Darksiders PS3 Review
Both Zelda and God of War are some of gaming’s most revered of franchises; and as a result they’ve been imitated, but their mechanics have rarely appeared side by side as a concoction in a single game. Darksiders, though, is a hybrid of the two games and could almost be their child, if such a thing were possible.
The story is certainly more along the lines of God of War than Zelda. It’s a very dark affair, with a revenge fuelled central character in War (one of the Four Horsemen of the Apocalypse), who is accused of being the instigator for the destruction of mankind. It’s a reasonable enough story with strong voice acting, but it’s certainly not one of the stronger facets of the game.
After the plot exposition has done its part in setting up the events of the game, the first thing you’ll experience on an interactive level is the combat. This is very much reminiscent of God of War, being visually vicious (War can easily compete with Kratos in the brutality sense) and very accessible, with not a single complex combo string to input. One key difference to Sony’s game is the addition of firearms, though the focus is undoubtedly still on the melee combat.
Another similarly to God of War, comes once you vanquish enemies and are rewarded with items, which essentially function as currency to attain new fighting manoeuvres or handy items with. Unlike Sony’s game, though, War’s weapons will level up through use and can even be enhanced with particular items.
Whilst we’re on the subject of combat, there’s the occasional boss encounter which aren’t the most memorable and can’t hope to compete with the bosses from both the games’ primary inspirations, but are still enjoyable enough to fight.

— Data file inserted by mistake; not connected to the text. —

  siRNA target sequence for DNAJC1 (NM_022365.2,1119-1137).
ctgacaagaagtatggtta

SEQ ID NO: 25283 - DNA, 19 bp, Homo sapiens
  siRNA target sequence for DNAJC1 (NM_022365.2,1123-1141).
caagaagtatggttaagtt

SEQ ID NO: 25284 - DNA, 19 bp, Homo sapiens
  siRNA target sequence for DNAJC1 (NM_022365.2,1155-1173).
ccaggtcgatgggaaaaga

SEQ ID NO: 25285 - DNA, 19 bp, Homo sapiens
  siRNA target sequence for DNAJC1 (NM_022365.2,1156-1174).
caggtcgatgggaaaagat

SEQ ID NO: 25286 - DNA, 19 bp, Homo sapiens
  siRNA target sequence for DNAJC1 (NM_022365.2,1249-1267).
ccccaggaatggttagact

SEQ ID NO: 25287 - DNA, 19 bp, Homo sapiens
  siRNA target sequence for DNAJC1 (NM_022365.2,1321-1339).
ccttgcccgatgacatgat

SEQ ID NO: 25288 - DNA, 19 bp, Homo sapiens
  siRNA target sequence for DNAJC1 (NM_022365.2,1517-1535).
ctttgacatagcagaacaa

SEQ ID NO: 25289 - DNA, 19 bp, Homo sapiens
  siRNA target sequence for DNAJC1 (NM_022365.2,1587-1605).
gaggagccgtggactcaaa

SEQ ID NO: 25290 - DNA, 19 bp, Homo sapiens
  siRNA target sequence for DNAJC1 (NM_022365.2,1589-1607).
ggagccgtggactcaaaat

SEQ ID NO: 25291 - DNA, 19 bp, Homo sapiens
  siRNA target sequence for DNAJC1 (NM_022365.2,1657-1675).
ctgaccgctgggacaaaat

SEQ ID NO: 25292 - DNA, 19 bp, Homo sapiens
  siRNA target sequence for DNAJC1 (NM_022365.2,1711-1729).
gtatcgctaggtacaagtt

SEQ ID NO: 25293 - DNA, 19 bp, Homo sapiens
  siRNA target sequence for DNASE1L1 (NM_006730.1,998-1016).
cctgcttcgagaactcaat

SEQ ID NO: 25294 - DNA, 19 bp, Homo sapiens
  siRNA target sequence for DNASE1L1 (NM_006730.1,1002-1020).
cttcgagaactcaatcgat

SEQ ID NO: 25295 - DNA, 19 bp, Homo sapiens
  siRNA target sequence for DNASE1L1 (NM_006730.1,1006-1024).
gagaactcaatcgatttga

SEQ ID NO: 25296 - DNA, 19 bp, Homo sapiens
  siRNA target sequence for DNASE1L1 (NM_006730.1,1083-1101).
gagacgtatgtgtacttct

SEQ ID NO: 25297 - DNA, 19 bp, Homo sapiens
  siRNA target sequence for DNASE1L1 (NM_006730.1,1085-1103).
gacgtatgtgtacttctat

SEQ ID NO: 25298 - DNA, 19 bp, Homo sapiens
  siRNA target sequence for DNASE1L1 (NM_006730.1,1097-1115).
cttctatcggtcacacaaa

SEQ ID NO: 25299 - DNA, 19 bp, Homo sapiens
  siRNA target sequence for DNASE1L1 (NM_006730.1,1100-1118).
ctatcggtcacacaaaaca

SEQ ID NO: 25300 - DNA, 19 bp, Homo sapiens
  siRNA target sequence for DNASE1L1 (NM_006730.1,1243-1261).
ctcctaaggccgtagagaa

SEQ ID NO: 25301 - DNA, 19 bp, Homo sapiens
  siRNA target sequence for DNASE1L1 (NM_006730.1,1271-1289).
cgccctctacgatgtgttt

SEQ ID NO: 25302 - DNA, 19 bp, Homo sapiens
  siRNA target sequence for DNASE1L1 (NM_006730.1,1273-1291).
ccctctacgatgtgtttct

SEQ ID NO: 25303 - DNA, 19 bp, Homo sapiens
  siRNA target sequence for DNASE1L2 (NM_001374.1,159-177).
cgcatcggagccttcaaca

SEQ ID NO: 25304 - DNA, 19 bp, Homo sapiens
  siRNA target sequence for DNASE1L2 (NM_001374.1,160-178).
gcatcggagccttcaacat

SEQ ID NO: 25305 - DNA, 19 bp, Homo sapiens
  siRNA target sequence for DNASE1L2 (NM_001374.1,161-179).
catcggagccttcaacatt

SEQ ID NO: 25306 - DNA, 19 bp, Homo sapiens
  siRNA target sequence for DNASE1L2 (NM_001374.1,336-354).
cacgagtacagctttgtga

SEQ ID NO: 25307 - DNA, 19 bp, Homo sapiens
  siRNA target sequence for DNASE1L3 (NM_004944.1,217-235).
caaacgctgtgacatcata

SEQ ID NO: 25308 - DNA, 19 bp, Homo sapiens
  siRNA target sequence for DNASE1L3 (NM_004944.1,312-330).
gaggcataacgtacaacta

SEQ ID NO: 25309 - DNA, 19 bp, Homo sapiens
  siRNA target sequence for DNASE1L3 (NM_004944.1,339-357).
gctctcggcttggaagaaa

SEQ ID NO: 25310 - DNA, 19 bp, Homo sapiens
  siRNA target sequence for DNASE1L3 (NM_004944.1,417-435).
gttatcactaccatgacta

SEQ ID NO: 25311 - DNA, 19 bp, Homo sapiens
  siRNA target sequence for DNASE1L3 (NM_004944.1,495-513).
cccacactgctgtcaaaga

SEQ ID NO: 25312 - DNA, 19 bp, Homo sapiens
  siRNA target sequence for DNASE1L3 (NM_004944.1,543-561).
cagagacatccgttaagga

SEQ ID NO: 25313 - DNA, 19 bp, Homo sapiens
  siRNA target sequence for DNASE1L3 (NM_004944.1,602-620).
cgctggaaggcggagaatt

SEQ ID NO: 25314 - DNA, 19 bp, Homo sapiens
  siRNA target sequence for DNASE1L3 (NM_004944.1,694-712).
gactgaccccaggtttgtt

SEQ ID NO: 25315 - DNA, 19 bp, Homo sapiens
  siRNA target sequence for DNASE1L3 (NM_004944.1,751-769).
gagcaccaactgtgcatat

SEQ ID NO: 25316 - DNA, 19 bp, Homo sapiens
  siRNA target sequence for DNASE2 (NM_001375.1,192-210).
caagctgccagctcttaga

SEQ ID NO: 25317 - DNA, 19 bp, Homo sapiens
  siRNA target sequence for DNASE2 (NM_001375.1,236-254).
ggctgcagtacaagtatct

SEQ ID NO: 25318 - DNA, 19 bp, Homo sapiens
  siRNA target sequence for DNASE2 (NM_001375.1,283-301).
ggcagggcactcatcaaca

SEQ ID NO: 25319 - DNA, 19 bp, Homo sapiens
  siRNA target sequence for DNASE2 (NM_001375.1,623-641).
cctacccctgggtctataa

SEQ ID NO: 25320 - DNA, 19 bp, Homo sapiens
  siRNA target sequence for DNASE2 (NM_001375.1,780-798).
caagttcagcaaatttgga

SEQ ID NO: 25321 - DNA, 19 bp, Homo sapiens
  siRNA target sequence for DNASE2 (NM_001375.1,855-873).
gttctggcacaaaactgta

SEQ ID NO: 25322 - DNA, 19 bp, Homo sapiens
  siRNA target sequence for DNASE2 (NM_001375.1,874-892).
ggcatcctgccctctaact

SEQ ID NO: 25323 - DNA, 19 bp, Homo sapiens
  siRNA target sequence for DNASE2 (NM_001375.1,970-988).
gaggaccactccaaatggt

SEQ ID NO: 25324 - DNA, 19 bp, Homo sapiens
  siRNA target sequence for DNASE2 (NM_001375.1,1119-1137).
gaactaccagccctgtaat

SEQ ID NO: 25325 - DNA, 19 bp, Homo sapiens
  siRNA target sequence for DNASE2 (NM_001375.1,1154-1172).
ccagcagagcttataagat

Outside of combat, you’ll be traversing through Zelda style dungeon environments, solving puzzles, sometimes with items that you receive through progression of the game, just as you do in Nintendo’s legendary series. The puzzles range in difficulty and quality, but largely are at their best and most prevalent in the later stages of the game.
Gaining important items also allows you to backtrack to previously inaccessible areas to unearth rewards such as health shards or weapon enhancements. This is satisfying and well worth the effort and also a good way to gain some additional hours from an already reasonably proportioned game.
From a technical sense, Darksiders is far from mind blowing and has a few technical caveats such as tearing in the PS3 version and frame rate issues in both which further compounds this fact. The comic inspired art style holds a great deal of appeal, though, and rises above such problems.
Darksiders is a game of brain and brawn and both contrasting sides are executed with superb efficiency, if not quite to the level of quality of a Zelda or God of War game. But there’s certainly a great alternative on offer for devotees of either and if you have a love for both series’, you’ll cherish Darksiders all the more.